All of the radiosonde data are processed to supply WWdiff values for comparison with the SST validation results. Radiosonde data were usually collected at MODIS overpass times and, for the Aqua instrument, these could be different to AATSR times by up to 4 h. The surface SST measurements by the M-AERI were restricted to be within 2 h of the AATSR overpass times giving 96 sets of data. For the 4-h window each of these datasets could contain up to 16 M-AERI SST measurements at different locations along the ship’s track. From the University of Leicester dataset the AATSR data for each location in each dataset are extracted for a single pixel and 3 × 3 and 5 × 5 pixel arrays. Finally, for each radiosonde the coincident AATSR data with the minimum range of nadir 3 × 3 pixel 11-μm BT is selected for comparison with the coincident M-AERI SST. To eliminate possible cloud-contaminated data, those coincidences with 11-μm BT ranges greater than 0.5 K are rejected (64 remained). The results of comparing the SST error (difference between M-AERI and AATSR) and WWdiff are shown in Fig. 5.

In this AATSR–radiosonde analysis the results show a linear correlation for all values of TWV, in contrast to the simulated results in which no correlation is found for TWV > 4.5 cm. The results give the following dependence:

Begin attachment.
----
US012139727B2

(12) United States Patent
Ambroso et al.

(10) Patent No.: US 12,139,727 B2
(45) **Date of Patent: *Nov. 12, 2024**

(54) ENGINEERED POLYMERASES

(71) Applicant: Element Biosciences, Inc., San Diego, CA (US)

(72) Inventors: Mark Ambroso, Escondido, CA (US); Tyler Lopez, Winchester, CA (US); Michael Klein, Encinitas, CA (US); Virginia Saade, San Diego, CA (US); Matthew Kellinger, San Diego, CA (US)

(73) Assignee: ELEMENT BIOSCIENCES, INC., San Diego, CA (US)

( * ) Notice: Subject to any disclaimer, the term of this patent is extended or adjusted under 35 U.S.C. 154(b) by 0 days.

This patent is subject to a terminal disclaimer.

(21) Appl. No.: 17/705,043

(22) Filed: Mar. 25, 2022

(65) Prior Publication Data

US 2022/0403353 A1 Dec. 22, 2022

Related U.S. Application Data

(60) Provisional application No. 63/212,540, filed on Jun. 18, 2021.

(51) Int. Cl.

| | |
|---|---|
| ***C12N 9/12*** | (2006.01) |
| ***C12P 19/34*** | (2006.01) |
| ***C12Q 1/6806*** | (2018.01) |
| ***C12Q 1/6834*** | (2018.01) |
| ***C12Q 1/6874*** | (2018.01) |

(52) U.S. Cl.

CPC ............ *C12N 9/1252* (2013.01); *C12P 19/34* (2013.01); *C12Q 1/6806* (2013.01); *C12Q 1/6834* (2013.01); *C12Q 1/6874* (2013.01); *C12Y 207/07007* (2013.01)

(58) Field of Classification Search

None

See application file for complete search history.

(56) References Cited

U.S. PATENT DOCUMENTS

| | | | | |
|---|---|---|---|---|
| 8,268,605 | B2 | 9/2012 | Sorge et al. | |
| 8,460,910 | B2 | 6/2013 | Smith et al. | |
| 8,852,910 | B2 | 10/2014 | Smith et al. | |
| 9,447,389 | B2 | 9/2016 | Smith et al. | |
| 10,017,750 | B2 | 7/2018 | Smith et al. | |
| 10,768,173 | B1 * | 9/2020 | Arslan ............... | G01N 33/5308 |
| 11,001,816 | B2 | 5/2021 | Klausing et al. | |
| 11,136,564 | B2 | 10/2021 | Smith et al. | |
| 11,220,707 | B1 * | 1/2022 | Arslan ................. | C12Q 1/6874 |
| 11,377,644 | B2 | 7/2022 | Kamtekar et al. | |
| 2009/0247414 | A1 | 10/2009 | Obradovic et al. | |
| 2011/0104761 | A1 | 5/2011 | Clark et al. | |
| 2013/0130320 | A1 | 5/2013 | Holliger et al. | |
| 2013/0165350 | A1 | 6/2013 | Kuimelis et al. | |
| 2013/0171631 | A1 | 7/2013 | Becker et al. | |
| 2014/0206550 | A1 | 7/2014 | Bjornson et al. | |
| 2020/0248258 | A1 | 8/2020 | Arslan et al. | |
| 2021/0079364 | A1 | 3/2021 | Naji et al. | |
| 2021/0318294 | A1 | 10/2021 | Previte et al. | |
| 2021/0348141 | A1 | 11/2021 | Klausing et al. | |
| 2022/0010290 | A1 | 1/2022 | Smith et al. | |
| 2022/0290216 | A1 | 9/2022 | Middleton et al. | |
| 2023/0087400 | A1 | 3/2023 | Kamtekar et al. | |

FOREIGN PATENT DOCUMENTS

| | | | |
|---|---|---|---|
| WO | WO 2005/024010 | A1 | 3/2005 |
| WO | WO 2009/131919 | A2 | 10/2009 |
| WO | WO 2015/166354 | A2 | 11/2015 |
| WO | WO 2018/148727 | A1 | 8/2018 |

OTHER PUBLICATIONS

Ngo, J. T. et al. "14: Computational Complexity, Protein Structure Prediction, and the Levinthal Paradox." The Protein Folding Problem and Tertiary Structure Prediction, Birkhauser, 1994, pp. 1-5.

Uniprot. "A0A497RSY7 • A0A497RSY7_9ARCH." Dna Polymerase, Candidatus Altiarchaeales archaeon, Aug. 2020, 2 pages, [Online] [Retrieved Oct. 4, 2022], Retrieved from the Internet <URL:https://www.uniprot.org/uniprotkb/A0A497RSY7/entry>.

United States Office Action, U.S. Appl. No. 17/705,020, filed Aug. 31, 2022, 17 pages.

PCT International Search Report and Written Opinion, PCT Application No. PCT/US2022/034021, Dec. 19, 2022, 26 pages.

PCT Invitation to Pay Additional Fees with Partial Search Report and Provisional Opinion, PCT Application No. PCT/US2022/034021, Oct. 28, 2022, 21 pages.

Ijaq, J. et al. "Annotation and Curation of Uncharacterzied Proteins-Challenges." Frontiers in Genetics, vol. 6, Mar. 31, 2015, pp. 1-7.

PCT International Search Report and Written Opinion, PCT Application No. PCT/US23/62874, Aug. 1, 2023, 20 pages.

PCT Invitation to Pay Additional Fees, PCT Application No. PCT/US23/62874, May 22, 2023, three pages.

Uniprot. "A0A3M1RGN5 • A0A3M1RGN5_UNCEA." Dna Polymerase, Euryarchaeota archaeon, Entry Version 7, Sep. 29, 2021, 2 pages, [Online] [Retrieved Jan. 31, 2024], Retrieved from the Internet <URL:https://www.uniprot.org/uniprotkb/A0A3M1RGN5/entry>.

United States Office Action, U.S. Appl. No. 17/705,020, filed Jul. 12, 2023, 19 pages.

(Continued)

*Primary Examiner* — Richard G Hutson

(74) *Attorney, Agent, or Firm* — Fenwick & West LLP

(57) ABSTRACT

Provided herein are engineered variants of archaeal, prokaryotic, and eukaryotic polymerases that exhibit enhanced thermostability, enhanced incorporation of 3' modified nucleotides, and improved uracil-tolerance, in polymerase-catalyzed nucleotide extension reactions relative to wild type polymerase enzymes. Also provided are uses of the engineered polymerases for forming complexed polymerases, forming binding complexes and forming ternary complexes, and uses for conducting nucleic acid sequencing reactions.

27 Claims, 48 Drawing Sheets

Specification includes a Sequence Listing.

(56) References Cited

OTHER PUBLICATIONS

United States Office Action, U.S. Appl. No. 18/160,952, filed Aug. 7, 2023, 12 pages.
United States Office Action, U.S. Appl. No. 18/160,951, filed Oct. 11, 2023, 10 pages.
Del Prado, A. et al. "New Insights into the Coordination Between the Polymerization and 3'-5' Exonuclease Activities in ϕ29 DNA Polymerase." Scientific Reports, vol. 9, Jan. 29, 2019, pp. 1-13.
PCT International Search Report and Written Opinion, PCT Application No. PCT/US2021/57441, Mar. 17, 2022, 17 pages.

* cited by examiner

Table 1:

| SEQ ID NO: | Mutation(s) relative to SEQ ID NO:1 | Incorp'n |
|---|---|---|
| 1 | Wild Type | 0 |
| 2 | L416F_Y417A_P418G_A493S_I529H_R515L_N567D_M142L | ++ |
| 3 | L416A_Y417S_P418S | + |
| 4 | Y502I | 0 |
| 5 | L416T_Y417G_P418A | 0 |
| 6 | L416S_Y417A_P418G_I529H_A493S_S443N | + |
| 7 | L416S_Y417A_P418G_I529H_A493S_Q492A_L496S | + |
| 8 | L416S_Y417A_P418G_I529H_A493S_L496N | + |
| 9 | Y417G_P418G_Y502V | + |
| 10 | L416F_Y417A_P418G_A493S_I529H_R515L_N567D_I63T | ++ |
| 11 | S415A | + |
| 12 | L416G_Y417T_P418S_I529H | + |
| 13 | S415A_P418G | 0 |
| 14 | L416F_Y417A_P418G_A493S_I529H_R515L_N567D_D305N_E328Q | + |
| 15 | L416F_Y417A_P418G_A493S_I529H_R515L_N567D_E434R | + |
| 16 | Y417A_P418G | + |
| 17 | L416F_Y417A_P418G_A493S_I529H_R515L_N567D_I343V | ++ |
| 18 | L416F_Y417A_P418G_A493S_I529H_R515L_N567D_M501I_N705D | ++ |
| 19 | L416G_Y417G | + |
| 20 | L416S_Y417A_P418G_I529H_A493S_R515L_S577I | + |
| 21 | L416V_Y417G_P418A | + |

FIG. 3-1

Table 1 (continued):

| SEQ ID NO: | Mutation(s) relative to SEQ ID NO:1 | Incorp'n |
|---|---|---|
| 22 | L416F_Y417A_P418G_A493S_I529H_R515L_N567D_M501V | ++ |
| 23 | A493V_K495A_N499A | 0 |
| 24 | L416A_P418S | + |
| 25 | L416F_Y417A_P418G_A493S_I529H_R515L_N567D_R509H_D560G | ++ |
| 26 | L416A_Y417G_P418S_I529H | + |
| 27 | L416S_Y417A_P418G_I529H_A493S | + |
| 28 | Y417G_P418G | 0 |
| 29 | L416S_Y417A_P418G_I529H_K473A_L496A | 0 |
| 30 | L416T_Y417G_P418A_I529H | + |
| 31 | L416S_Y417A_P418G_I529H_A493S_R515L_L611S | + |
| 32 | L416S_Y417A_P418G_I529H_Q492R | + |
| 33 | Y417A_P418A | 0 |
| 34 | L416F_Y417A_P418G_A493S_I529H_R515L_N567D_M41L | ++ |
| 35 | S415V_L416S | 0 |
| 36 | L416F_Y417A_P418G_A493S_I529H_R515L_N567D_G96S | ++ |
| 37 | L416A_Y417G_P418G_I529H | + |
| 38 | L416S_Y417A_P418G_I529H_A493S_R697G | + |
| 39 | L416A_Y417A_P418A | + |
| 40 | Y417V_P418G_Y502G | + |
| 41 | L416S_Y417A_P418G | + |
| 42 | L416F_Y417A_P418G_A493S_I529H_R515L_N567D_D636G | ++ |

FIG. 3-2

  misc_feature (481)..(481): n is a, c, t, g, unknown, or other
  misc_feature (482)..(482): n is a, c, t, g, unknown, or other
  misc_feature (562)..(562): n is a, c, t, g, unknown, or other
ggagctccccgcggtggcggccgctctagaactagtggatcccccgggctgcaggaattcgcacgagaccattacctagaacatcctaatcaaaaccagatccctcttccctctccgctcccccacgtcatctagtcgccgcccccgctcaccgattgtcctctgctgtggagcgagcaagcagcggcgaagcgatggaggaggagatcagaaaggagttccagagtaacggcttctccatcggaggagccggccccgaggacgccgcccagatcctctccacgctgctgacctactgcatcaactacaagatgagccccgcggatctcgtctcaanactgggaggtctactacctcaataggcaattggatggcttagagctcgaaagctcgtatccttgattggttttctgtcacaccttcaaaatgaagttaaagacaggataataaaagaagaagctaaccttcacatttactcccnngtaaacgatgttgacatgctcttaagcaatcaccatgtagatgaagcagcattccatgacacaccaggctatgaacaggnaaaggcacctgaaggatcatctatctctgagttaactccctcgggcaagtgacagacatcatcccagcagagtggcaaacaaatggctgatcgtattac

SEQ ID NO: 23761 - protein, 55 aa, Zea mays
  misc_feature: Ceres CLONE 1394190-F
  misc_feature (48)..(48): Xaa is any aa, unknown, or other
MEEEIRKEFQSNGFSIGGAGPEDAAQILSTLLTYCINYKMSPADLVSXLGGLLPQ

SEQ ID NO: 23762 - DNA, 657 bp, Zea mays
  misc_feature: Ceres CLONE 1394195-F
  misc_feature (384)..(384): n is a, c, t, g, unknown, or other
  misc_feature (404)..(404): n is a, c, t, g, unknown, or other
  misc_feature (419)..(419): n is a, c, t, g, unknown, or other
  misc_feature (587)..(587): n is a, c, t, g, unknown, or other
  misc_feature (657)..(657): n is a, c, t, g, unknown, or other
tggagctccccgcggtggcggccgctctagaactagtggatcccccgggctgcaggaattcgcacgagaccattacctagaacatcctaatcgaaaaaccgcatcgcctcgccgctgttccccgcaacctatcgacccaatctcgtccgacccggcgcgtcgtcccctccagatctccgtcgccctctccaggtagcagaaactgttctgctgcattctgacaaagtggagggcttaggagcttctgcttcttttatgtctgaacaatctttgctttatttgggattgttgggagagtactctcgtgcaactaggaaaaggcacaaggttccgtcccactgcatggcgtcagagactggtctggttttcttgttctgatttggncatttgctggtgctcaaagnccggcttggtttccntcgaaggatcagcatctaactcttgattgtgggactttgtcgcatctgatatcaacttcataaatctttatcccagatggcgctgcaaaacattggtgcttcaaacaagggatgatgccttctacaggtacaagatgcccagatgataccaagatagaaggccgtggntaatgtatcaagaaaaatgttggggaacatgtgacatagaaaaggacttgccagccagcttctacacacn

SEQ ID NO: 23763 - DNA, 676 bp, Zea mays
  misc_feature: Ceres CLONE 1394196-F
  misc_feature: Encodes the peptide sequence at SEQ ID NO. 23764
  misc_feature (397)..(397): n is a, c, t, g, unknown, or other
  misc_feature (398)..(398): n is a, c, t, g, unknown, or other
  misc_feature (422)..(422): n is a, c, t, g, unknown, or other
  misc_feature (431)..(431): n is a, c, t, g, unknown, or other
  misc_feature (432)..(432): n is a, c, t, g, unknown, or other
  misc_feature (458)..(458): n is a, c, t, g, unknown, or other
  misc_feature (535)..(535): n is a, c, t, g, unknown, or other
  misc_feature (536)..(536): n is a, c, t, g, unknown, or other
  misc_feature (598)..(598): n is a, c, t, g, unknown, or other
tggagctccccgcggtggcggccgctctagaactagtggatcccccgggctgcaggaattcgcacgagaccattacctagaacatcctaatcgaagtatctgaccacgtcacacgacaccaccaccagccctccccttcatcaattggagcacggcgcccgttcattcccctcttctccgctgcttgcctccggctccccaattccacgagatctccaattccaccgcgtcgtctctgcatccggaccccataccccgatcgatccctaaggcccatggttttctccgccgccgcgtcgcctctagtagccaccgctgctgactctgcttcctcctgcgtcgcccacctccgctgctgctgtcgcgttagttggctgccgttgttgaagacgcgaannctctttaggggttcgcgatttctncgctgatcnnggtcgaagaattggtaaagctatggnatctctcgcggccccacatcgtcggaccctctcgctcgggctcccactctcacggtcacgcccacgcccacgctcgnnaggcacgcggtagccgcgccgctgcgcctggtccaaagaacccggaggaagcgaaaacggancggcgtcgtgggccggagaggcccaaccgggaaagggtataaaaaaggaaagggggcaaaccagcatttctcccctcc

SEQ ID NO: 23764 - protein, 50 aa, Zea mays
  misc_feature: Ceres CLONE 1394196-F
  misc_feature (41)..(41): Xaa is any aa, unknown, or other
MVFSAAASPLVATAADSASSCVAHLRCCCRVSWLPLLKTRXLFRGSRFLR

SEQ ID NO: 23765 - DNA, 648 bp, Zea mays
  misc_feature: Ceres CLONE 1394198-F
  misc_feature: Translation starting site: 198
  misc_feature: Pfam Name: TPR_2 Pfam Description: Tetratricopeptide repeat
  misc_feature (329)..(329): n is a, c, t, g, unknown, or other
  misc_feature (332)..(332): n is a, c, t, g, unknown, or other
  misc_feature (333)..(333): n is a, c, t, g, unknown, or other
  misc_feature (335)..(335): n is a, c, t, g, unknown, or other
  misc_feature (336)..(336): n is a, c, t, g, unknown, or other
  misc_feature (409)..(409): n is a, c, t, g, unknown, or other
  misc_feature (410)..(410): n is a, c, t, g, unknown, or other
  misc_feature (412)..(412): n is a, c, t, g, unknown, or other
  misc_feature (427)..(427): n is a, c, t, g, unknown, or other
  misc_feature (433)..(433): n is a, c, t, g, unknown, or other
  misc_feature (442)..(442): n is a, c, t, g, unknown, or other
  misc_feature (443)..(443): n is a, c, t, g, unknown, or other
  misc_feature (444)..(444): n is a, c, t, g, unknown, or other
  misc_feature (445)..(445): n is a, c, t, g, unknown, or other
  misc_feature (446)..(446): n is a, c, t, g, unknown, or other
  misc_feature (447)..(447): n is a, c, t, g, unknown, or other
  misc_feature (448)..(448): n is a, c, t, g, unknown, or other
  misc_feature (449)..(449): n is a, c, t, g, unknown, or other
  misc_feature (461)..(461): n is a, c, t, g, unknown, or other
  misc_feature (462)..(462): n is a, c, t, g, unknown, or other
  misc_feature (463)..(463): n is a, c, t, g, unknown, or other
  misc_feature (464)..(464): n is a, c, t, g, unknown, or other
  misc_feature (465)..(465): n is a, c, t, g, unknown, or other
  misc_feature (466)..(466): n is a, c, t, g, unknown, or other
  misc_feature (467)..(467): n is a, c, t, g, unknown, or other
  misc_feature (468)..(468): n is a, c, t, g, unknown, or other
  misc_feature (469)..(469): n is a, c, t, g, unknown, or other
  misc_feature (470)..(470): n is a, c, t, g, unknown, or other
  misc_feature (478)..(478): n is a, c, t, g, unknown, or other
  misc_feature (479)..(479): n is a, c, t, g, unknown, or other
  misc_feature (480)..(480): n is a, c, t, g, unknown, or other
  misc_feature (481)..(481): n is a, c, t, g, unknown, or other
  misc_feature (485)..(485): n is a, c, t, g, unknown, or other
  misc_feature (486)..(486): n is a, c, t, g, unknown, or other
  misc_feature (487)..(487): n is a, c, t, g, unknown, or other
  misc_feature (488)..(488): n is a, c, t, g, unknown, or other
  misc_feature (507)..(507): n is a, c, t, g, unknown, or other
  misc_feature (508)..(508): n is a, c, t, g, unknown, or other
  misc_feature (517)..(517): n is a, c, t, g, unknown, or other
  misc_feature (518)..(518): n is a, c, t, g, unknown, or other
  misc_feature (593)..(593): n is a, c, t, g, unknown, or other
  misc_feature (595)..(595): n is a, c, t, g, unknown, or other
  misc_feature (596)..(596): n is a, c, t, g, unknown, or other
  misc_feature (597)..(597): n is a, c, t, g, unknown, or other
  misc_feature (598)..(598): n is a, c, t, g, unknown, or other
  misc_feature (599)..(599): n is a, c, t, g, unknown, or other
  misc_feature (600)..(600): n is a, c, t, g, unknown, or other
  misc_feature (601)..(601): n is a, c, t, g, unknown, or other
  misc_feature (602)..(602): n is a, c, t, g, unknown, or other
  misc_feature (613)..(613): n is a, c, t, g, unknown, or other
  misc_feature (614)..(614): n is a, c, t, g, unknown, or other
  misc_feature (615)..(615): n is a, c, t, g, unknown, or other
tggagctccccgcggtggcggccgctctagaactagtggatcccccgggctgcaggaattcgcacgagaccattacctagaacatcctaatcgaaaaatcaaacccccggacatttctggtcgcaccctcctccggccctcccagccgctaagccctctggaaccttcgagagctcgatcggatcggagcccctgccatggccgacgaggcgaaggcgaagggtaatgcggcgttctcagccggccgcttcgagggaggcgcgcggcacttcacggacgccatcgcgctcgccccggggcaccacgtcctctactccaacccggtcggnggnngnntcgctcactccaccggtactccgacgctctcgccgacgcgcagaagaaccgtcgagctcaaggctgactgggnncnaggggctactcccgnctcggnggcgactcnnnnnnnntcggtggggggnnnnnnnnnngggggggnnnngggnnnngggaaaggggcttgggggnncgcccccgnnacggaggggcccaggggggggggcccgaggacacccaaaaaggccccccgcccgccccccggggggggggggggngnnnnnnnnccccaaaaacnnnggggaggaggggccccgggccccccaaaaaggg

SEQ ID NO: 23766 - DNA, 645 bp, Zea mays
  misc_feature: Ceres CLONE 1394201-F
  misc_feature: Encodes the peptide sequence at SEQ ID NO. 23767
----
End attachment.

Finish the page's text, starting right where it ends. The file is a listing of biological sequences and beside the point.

i1520-0426-28-1-85-e6
which is in close agreement with the simulated expression given above [Eq. (5)]. This limited dataset also suggests that, in the Caribbean Sea, the AATSR SSTs are on average 0.5 K colder than those measured by the M-AERI.

c. M-AERI–MODIS analysis (Explorer of the Seas)

The Explorer of the Seas dataset supplied by the University of Miami includes SST estimates from the MODIS instruments on Aqua and Terra. The dataset contains 705 radiosonde flights and 15 905 comparisons between the M-AERI and MODIS estimates of SST. To ensure a good matchup dataset between the radiosonde and interferometer measurements, the databases are filtered to restrict the time difference to be less than 1 h, and both the latitude and longitude differences to be less than 0.5°. The standard deviation of the MODIS SSTs in a 3 × 3 pixel area around the central pixel is also restricted to be less than 0.5 K to ensure that only the highest quality, cloud-free data are used in the analysis. After these restrictions are applied there are 457 coincidences remaining. The results are shown in Fig. 6 and the linear statistical parameters are included later in Table 2.